Experience and Existence

Jeff CarreiraPhilosophy

The present moment as we experience it is “thick” said William James. It is bursting with layers of sensation, perception, conceptualization, interpretation, feeling, intention – you name it. Everything we experience, we experience as part of the immediately available present moment. The present is all there is, and absolutely everything that we experience as real is experienced as part of it.

Right now I am sitting in an airplane writing this post. I am experiencing the start of my trip to Toronto. That experience consists of a certain set of anticipations about the days to come. It contains ideas about, and memories of the friends and places I will see. I am also experiencing the inside of the airplane. I experience the rows of seats. My perception of rows of seats is built up from my experience of the color and shapes of the seats that I see, and the feeling of the seat I am sitting on, and my knowledge of planes and seats in general. Then there are the people around me. I experience them as other beings such as myself and also as types. I see what I assume is a businessman that I recognize because of the work he is doing and his clothing. I can only recognize this because of my knowledge of society and my own work experience both of which manifest in the present in my ability to recognize a businessman when I see one.

I could of course go on and on and on. Phenomenology is the school of philosophy that takes as its aim the investigation of our immediate experience of reality. I could certainly spend hours describing my experience of this single bursting moment. Falling deeper and deeper into the layers of reality that culminate in the glorious fullness of this immediately experienced present.

I see a pattern in front of me. It consists of red shapes on a white field. They are not just shapes; they are letters. They are not just visual objects; they are objects full of meaning. One pattern I recognize to say ‘exit’ the other ‘sortie’. I recognize that both point to the way out and that one is English, the other French. The fact that the words appear in both English and French point to the reality that I am on an international flight and that leads to my understanding of what a language is and what a nation is. Yes we could go on and on. The experience of this present moment is the gateway to everything else. Ahh…the wondrous thickness of it all! One experience rests on another  and points to others. If we pay attention to our experience of this moment we can follow it one thing after the next just about anywhere.

Look for the thickness of the moment available to your immediate experience right now. Can you feel the thickness of it? Do you see how everything exists in it? Nothing at all exists outside of this immediately experienced present. Our ideas of places unseen exist only as ideas experienced right here in the present. People and places that are not with us exist as memories that are with us now.

As we come closer to recognizing that there is no reality that exists outside of the experience of this present moment we may find a part of ourselves that balks at the notion. Of course people who are not here exist. And they cannot be reduced to mere ideas in my present. After all, somewhere they are having a present moment experience themselves and I may exist as an idea to them there. Of course I would not deny the reality of other beings. Still I think this present moment perspective on reality is important.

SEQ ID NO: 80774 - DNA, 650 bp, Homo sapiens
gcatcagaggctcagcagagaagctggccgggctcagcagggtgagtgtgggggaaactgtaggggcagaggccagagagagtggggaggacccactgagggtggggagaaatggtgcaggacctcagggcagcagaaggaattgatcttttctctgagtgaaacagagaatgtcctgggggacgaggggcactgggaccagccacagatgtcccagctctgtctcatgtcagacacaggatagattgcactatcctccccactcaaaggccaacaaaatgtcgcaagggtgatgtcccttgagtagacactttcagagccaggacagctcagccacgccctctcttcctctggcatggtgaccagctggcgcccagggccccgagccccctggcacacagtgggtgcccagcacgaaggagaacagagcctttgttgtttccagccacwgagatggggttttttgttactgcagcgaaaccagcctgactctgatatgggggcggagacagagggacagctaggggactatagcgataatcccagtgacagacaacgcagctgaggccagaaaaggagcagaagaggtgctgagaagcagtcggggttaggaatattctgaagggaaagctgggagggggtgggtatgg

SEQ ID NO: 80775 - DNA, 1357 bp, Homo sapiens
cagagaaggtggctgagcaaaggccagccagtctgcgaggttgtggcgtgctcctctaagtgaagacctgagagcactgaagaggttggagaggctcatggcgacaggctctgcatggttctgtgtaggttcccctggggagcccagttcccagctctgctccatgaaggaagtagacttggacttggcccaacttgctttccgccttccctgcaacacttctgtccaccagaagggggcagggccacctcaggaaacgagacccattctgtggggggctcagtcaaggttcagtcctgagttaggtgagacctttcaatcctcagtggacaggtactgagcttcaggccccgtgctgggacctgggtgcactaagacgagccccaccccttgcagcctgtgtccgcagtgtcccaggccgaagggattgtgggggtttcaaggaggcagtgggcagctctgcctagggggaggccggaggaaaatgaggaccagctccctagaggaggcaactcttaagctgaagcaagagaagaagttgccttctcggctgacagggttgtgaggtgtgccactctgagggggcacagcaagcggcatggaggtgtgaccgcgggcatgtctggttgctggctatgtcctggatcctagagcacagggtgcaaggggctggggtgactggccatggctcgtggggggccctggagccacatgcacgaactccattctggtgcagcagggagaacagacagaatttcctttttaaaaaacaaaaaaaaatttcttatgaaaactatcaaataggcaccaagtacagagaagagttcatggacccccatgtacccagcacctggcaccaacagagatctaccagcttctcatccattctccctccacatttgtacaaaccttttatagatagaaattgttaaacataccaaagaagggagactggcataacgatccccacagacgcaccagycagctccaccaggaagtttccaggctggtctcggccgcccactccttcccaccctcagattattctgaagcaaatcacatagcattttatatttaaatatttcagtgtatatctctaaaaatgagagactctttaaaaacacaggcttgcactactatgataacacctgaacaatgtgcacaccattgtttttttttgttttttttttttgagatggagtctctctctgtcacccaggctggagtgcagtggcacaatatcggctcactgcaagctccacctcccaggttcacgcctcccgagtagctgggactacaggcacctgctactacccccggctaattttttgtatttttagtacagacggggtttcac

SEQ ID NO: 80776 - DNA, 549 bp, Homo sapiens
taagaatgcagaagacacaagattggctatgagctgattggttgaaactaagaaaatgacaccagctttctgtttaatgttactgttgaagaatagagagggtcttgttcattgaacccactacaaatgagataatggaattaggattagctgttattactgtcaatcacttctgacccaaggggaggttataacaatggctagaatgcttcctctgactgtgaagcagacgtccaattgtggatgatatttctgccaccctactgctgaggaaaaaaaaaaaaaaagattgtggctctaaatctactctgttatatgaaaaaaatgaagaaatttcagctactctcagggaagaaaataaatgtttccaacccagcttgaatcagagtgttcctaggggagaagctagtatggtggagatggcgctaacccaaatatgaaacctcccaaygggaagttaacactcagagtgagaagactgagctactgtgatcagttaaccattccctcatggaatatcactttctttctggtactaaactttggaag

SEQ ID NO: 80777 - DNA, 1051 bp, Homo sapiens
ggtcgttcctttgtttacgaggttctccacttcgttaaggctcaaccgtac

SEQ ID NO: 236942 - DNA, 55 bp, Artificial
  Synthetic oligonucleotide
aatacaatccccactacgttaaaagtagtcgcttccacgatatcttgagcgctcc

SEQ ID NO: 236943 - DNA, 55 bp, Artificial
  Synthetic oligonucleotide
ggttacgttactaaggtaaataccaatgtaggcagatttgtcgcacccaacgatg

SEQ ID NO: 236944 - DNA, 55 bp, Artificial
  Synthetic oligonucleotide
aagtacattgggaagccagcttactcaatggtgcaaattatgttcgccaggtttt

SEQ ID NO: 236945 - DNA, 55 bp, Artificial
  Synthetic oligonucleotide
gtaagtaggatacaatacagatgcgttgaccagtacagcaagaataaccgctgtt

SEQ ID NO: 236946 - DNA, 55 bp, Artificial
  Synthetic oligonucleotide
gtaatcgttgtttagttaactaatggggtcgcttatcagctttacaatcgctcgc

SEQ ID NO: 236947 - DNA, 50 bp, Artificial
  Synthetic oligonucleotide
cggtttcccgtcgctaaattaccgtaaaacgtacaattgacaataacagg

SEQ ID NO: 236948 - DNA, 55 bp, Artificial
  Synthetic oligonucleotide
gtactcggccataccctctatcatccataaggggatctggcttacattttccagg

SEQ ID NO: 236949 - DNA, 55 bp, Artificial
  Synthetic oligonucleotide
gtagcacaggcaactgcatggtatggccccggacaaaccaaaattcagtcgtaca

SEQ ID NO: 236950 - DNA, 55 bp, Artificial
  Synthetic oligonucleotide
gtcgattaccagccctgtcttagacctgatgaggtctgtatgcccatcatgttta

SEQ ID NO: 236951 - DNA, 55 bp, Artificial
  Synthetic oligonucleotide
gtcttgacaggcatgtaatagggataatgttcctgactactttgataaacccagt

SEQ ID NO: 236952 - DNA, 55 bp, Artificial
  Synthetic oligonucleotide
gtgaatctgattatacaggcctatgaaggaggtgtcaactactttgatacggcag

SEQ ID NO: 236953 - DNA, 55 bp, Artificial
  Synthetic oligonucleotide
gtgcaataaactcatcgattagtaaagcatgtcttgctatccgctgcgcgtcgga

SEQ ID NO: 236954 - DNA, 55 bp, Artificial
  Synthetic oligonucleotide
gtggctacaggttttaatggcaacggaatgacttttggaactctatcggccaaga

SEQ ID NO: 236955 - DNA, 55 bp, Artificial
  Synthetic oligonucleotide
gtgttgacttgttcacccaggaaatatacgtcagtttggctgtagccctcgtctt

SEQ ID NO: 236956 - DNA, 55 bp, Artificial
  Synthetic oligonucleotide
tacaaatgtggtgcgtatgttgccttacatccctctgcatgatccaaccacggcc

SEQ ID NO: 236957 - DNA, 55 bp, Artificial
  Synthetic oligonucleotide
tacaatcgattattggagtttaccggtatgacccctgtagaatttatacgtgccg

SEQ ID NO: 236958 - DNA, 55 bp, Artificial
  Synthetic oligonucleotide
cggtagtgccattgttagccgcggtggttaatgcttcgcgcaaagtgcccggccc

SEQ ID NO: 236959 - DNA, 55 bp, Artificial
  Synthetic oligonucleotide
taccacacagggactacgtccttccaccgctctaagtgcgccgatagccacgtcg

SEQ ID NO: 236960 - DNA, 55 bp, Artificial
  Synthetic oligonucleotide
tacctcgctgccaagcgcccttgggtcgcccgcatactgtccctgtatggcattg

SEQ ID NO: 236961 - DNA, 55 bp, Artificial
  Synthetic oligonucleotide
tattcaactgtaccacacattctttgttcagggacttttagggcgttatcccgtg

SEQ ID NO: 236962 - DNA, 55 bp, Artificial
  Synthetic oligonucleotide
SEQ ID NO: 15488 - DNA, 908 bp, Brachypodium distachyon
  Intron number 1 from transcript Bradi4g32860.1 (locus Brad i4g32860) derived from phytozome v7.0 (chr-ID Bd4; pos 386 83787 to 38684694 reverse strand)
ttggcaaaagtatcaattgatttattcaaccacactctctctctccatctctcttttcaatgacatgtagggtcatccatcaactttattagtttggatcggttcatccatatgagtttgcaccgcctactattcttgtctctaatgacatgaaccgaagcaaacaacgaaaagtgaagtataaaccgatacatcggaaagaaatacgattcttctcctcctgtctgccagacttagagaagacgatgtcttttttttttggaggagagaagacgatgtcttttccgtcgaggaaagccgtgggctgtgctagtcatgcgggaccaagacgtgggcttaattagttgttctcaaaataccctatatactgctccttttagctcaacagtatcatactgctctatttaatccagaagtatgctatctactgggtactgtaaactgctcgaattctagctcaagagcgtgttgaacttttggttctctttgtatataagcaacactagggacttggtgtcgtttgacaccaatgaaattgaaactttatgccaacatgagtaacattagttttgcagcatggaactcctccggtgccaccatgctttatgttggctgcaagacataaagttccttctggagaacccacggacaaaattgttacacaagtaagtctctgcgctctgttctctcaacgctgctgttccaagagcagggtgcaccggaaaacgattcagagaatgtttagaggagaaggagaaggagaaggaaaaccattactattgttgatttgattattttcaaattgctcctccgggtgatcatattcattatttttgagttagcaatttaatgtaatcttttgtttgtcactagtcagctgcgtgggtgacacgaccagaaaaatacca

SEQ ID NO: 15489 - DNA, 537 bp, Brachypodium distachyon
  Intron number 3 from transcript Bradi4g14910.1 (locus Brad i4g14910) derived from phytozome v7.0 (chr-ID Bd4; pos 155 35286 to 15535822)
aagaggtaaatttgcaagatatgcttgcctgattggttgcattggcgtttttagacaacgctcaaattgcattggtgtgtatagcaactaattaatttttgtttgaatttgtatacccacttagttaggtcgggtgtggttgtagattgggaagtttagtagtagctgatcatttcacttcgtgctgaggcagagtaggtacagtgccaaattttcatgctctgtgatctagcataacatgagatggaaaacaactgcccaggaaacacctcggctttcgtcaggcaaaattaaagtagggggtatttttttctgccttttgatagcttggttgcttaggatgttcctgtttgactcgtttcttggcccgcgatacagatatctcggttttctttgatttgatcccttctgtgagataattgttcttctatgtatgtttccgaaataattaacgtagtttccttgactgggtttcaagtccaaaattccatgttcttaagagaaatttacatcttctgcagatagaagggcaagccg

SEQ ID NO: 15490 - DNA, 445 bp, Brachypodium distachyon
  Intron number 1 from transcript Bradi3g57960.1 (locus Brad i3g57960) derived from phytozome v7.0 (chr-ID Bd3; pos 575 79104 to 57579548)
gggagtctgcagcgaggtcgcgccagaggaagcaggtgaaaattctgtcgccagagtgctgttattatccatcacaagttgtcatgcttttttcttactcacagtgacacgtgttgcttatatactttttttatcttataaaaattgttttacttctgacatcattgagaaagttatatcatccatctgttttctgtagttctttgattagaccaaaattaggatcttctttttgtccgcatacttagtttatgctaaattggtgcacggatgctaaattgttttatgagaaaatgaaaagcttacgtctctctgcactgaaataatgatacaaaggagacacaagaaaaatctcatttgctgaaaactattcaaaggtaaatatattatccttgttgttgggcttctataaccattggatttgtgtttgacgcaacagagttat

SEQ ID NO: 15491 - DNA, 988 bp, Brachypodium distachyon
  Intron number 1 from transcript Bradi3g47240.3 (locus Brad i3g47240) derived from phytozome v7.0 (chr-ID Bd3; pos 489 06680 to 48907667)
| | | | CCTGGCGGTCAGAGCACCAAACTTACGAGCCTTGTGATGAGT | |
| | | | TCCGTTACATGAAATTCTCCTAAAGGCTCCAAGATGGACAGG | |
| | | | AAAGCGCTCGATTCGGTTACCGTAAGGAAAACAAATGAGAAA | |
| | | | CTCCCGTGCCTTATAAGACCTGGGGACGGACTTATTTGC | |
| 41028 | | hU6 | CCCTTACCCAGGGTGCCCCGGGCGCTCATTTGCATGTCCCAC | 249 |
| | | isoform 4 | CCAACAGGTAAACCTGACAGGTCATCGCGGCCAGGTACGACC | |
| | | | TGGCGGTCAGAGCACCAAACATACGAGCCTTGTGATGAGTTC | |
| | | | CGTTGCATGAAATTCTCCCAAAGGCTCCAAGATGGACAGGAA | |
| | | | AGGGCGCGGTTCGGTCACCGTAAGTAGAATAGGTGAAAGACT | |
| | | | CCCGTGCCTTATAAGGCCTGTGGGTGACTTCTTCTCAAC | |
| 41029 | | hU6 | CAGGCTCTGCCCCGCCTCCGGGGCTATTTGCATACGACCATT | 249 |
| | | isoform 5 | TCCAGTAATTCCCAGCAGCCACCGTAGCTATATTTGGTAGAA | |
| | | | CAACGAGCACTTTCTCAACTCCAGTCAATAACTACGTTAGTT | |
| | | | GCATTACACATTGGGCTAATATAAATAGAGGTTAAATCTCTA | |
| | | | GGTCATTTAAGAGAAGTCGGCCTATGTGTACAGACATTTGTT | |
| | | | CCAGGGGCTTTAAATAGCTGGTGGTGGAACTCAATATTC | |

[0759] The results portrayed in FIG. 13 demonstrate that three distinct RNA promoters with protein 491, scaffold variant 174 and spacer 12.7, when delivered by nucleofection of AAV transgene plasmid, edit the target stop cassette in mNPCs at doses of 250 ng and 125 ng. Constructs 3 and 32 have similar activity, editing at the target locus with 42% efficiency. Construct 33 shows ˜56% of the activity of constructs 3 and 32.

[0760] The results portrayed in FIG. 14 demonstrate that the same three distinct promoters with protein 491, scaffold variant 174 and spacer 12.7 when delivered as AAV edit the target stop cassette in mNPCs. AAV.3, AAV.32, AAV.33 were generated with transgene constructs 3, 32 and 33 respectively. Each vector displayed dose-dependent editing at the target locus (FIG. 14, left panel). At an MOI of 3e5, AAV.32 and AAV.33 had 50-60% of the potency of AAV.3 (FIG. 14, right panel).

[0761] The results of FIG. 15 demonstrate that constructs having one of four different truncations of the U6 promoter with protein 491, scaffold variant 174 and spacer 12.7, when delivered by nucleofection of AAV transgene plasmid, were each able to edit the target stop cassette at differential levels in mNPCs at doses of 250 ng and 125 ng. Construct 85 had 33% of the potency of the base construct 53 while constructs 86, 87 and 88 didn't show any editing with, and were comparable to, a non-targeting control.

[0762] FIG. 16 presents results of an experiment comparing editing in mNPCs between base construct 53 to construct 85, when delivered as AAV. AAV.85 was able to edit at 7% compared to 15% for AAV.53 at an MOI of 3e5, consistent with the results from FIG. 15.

A few posts ago I wrote about how modernism isolated us from reality in some ways. That isolation appears to us as a sense or an idea that reality exists outside of us. It is like a stage that we are acting on. This is how we experience reality – as if it exists out there independent of us. We all know that on a stage if we are turned toward stage left, stage right still exists.

So we assume that reality is out there, sitting quietly, even when I am not experiencing it. It exists independent of me or anyone else. If all of the conscious being in the universe were to disappear the universe itself would continue on without us.

The fact of an independently existing universe is so obvious to us that it seems nonsensical to even write about it. Of course reality exists independent of our experience of it. But does it? Is our experience of reality separate from reality or is it part of reality? What would it mean to remove all of the experience from the universe? If you removed all self-aware beings what would that do? Would you have to remove all animals? How about plants? Do plants have experience? What about molecules and atoms, do they have experience? If you really want to go all the way down this rabbit hole you have to start looking deeply into what experience actually is and then ask if anything at all could exist without it. Can existence and experience be separated?

About the Author

Jeff Carreira
Jeff Carreira
Jeff Carreira is a mystical philosopher and spiritual guide. He is the author of eleven books on meditation and philosophy. He teaches online programs and leads retreats throughout the world that teach people how to let go of their current perceptual habits so they are free to participate in the creation of a new paradigm. To put it simply, he supports people to live a spiritually inspired life, free from the constraints of fear, worry and self-doubt, and aligned with their own deepest sense of meaning and purpose.
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